For the most accurate results, that reflect real users’ experience, testing should be performed manually by accessibility experts and native users of assistive technology (AT) like screen readers and speech recognition, screen magnification, and content resizing technology. And it should include evaluation of specific use cases, in which a user with a disability attempts to complete a user flow with a specific technology.

Testing by real people is critical because current automated testing tools cannot detect all issues. I was recently working with an organization that had performed automated scans of their website and found very few barriers. However, when I attempted to navigate this site with a screen reader, I was immediately blocked by a keyboard trap and hidden content. The organization was completely oblivious to these issues, since they were undetectable by automation.

Unless you’re purposefully creating a baseline and planning to follow up with more focused re-testing of specific areas, it’s wise to approach manual testing incrementally, taking care to test only what you can realistically fix. For organizations with limited resources, this is an effective way to ensure the budget you put toward testing pays off in material improvements to your digital experience. It also means accessibility doesn’t need to disrupt your product roadmap. You can approach remediation in bite-sized pieces—for example, focusing on the pages in one user flow at a time—while continuing to pursue other development priorities.

Every incremental improvement will not only help you reduce your risk, and create a defensible position if you are targeted, but ultimately result in a more equitable experience for users. And, eventually, you can shift your focus from fixing issues to proactively preventing them in the first place—which is the most efficient way to ensure accessibility and compliance. We’ll explore this in more detail in the next section.

The essential guide to user-first accessibility testing

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Compliance isn’t a checkbox

When they’re first approaching digital accessibility, organizations often assume ADA compliance is a one-time box to check—that is, that once their digital experience is usable for people with disabilities, it will remain accessible and compliant for good. However, digital experiences are constantly changing. In fact, business leaders I speak with often underestimate just how frequently their websites are updated with new content by creative teams, or how updates to widgets or third-party tools they use impact their sites’ accessibility.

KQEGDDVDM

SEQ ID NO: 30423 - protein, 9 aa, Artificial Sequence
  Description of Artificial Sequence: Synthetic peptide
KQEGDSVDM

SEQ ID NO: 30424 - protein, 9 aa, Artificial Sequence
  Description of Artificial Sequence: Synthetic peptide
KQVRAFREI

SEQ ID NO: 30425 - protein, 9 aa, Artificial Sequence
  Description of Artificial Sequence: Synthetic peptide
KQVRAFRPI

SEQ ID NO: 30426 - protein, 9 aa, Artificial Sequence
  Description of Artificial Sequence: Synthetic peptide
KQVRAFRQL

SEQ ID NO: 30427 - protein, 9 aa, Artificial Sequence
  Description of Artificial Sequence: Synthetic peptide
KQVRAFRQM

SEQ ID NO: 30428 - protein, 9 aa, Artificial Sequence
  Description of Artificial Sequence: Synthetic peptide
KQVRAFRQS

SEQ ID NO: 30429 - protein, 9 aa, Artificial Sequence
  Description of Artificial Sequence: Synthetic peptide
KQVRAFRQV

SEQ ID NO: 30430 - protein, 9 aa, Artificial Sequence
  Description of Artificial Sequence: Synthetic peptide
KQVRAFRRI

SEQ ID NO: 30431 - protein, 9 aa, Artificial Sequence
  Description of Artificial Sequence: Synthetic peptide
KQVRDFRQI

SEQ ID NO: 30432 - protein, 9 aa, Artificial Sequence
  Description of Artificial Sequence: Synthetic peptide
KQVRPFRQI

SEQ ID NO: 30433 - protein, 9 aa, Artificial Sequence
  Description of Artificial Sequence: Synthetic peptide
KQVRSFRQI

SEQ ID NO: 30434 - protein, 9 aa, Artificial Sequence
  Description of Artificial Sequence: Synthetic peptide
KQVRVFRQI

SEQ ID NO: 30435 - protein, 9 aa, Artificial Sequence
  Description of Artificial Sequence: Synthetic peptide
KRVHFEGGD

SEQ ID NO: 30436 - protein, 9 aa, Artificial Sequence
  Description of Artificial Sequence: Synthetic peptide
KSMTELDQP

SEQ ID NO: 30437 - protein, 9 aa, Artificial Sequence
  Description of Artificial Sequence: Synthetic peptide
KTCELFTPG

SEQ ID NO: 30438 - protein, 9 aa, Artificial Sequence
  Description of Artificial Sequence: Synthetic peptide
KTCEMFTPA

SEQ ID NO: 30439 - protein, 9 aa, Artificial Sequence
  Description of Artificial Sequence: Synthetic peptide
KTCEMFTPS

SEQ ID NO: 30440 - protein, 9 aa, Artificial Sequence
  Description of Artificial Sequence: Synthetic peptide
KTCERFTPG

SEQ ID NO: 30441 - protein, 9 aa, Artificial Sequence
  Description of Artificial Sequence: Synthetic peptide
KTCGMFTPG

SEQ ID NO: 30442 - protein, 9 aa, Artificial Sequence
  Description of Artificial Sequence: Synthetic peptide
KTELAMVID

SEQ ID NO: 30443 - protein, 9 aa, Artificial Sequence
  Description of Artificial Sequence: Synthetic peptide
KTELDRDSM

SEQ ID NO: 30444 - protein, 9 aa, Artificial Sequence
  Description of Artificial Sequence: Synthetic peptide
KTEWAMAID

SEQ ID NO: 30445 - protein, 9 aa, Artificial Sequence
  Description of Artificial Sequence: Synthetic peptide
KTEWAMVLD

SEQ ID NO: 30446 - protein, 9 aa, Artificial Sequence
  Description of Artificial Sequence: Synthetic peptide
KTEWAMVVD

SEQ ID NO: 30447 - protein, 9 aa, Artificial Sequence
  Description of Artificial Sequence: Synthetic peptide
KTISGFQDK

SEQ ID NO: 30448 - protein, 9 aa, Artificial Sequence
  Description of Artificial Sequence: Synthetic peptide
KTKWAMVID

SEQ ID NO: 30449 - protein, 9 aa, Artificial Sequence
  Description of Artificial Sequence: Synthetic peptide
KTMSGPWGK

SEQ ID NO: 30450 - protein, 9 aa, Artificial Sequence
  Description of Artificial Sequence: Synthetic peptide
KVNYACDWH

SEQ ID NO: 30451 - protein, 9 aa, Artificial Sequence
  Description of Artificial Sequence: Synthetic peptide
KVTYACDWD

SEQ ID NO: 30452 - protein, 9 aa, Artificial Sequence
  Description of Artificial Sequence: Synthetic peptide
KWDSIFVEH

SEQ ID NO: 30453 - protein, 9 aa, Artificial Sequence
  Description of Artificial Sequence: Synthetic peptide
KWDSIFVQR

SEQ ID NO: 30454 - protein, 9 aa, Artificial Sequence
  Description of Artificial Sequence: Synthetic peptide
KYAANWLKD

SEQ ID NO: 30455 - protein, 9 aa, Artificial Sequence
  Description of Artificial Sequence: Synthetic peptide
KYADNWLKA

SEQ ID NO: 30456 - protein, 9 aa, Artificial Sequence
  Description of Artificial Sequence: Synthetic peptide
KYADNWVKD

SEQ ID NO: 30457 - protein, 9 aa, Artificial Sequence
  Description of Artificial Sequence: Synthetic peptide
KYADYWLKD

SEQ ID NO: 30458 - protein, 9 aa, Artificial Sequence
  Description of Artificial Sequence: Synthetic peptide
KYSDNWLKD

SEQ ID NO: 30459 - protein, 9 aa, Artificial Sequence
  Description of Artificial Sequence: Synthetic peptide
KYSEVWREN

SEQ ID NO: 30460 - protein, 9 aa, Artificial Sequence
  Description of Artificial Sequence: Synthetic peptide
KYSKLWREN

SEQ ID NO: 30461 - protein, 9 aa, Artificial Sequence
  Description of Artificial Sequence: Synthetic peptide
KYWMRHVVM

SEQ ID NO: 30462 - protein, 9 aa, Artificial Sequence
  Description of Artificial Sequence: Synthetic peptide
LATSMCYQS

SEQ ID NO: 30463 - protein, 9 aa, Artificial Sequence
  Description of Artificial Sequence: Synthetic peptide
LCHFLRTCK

Every update has the potential to introduce new barriers for users that put brands at risk of a lawsuit. For example, after settling a web accessibility lawsuit in 2016, fast casual dining franchise Sweetgreen recently became the target of another suit because it allegedly failed to ensure its site remained navigable for customers with disabilities.

The dynamic nature of digital experiences makes it especially critical that organizations approach compliance as an ongoing practice, rather than a one-time project. And maintaining accessibility, in alignment with the ADA’s requirements, typically involves more than testing and fixing in a manageable way. To start on the path to sustainable, continuous accessibility, I encourage teams to:

As part of a user-first approach, you should also aim to incorporate the perspectives of users with disabilities into your experience creation process. In practice, this could involve:

  • Including users with disabilities in focus groups for UX research.
  • Creating user personas that include users of AT, users of keyboard-only navigation, and other people with disabilities.
  • Accounting for the behavior of AT users, keyboard-only users, and other people with disabilities in the acceptance criteria for user stories.

When you thoroughly account for the different ways that users interact with your website, app, or product as you design and build, you’ll have fewer issues to fix later. And you’ll provide more intuitive experiences for users.

Enhance usability and ensure compliance with an expert partner

At first, achieving, and sustaining, digital accessibility can feel challenging—but by focusing on users’ experience, you can ensure you’re on the most efficient path toward lasting compliance. And with the right partner, you’ll have all the tools, services, and support you need to achieve your goals.

Level Access has over 25 years of experience helping organizations of all sizes and maturity levels meet their accessibility compliance obligations. Our experts will:

  • Help you understand how people with disabilities use digital technology, and how accessible your digital assets are at a baseline level.
  • Work with you to identify the templates, components, pages, and key user flows that matter most to your audience.
  • Manually test these pages and flows using a variety of assistive technologies (AT), delivering actionable results.
  • Support you with prioritizing and remediating any issues we identify.
  • Equip you with advanced automated monitoring tools, training, and other resources you need to sustain compliance.

Ready to start your journey to lasting accessibility and compliance? Contact a member of our team today.